Since I started running, that has always been a safe place. It was where I went to process what was going on in my life. It was where I went when I needed “me” time. It was where I celebrated victories and mourned losses.
And after Penelope died, I was certain running would help me heal. And, once I got the A-OK from the doctor, I was so excited to get back out on the trail.
But, then something happened. I got back out there. And it was different. It didn’t feel like my safe place anymore; it wasn’t comforting to get back into my old routine. Rather, it was emotionally painful — almost to the point of being physically painful.
I periodically went for walks, and I tentatively returned to the gym. At the gym, the same thing happened. It just wasn’t the same. And no amount of T2.5 “counseling” time could fix it.
So, I turned away from it. I learned long ago that if something wasn’t good for my soul, there was no way I could make it good for my body or my mind.
So, I took some more time off. Some more frustrated time off. For a while, I couldn’t figure out why I was having such a hard time returning to my routine. But then, in the middle of writing Penelope’s story, it dawned on me.
Those things? The gym. My favorite running path. They were exactly as I had left them when the doctor told me I needed to back off the running and weight lifting. But me? I was different. Very, very different.
And I needed something different — healing in a different way — from the gym and from running. But I wasn’t ready for it yet.
You see, the last time I’d done all of those things? I was carrying Penelope. And the grief was too fresh, too raw to be able to fully put myself back into it.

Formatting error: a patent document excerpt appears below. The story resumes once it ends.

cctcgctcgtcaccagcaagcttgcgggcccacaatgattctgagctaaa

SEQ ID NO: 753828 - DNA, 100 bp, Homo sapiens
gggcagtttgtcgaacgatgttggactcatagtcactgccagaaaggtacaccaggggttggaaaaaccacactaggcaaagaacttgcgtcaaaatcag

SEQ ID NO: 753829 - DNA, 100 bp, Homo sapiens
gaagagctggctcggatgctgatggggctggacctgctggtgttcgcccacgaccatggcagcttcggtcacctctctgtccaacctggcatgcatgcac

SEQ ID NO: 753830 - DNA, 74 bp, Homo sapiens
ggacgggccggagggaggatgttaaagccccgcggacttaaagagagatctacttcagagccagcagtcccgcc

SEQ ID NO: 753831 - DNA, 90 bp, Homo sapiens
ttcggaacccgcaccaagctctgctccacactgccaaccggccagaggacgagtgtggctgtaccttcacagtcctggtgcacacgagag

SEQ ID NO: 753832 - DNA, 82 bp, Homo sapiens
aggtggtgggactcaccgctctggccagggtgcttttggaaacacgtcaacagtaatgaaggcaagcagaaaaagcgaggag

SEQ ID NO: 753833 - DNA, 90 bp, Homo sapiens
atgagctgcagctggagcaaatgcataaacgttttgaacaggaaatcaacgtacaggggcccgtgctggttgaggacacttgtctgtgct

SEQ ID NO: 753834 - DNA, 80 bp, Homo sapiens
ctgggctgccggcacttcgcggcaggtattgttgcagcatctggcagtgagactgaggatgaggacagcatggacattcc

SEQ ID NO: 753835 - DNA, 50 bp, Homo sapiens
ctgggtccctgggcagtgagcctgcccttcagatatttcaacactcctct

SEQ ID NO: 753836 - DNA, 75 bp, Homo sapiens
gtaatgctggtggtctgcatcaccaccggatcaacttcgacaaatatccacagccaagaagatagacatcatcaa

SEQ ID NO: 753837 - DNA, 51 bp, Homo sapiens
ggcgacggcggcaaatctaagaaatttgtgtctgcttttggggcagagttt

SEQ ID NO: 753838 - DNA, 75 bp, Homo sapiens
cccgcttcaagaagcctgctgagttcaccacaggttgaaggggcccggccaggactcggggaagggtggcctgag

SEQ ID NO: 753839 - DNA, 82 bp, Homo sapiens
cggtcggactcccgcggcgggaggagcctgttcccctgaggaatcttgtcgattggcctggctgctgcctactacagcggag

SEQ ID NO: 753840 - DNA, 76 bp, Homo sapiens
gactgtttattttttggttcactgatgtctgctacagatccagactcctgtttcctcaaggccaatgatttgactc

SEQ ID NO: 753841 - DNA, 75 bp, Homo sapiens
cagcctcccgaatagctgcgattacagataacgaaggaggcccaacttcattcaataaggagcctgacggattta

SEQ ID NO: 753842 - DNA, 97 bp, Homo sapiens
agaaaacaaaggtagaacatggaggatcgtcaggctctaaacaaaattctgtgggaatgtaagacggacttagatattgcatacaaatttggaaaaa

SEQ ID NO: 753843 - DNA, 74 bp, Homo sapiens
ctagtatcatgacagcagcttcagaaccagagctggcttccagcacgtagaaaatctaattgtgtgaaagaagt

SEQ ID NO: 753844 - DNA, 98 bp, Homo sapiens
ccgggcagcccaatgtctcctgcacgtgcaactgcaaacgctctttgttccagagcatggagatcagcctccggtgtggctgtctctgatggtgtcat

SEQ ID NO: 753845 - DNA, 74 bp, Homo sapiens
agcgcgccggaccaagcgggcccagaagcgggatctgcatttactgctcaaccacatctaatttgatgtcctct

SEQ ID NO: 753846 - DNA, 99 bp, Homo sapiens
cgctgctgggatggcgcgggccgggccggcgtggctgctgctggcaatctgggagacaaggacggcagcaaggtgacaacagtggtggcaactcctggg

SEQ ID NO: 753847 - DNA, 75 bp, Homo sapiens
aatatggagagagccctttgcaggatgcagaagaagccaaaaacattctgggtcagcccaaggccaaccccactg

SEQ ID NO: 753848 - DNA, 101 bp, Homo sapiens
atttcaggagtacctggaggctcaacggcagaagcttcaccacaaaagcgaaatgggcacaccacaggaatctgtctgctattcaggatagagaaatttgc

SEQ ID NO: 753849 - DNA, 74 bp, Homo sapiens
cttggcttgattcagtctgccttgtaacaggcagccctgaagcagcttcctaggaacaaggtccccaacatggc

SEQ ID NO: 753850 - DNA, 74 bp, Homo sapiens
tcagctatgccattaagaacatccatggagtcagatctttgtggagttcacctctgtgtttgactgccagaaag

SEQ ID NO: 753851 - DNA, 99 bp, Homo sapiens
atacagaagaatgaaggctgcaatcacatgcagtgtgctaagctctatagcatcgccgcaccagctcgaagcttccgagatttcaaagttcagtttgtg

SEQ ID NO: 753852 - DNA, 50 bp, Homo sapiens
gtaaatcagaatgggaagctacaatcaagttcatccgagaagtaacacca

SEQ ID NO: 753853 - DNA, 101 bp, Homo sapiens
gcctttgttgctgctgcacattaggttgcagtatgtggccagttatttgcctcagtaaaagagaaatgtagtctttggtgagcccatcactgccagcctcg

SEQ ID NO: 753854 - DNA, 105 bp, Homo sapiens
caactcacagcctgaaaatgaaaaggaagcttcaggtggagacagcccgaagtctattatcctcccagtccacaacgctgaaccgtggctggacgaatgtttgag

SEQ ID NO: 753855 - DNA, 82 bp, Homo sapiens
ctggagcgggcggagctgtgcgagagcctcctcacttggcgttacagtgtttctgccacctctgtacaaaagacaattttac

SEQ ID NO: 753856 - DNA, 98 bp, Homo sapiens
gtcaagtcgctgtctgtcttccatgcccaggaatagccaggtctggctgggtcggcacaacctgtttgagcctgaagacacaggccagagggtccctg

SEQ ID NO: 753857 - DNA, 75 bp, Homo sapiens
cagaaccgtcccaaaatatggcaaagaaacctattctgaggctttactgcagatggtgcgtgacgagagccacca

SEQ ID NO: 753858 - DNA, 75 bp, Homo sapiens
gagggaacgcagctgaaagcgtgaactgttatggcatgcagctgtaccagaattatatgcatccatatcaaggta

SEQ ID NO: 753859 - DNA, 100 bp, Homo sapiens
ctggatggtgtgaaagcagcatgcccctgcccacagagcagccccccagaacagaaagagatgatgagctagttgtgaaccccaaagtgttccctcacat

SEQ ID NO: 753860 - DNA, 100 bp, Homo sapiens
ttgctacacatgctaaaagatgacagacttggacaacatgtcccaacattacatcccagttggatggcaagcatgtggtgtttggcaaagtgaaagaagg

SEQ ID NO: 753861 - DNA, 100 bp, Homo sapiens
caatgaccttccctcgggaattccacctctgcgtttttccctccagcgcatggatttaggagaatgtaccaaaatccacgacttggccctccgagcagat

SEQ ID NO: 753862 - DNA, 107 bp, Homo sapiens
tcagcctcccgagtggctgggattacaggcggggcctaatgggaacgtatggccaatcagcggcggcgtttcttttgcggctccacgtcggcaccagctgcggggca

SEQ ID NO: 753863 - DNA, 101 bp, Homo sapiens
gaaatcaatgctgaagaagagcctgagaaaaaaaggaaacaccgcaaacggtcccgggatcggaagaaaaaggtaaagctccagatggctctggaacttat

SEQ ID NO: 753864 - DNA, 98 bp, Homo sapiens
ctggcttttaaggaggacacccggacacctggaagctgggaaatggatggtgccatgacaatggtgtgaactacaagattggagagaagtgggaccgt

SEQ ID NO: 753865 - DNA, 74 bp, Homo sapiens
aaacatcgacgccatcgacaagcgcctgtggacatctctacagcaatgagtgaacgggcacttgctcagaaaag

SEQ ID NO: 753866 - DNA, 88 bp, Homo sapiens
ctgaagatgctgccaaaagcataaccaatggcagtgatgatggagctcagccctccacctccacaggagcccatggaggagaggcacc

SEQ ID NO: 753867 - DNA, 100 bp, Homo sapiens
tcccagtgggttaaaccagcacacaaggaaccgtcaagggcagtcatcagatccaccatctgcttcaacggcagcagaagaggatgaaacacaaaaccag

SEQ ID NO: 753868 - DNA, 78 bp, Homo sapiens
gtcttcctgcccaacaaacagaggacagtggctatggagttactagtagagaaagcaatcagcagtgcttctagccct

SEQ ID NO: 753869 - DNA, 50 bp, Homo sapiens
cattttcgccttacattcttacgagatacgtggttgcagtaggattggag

Then, I started writing a book. A book about Penelope Joy and all of the amazing things she taught me — taught all of us — in her short 38 days. And it was cathartic.
And, slowly, as I wrote the words and re-read them over and over, my healing truly began. Then, I returned to the gym to hit the treadmill for some short run/walks, and I started lifting (lightly) weights again.
And one cold, cold Saturday morning I bundled up and strapped on my running spikes. And I went for a cold run.
I had the trail pretty much to myself that day — it was that cold. And step after step, I found my running legs. I wasn’t as fast as I once was. And there were a lot more walking breaks that I’d have liked. But I was out there. And it felt so good.
As the “Polar Vortex” hit, I was sent back indoors for my workouts. I don’t enjoy the treadmill — never have — but it was better than nothing, and the routine was nice.
Then, January Thaw came for a visit. And it got a bit warmer. Which meant I could head back outside. So, yesterday, joined by a friend, I hit the trail again.
I felt every single muscle as they compensated for the uneven, icy trail. But between chatting and enjoying our time outside, we ended up getting in just over 7.5 miles. It was definitely a run/walk — I still have a long way to go — but it was just what my body needed, just what my soul needed.
And, so, I’m starting to feel that old passion return. Even Mr. B sees it — commenting on the dopey grin I had on my face for most of the day after my run yesterday. My excitement was clearly showing.
Running is starting, once again, to feel like a safe place for me. It is not an unchanged place; it’s different now. I am different now. I have different goals as a runner than I used to have — just as I have different goals for myself, my life.
But, for now, I’m just going to enjoy being back out there, taking it step by step.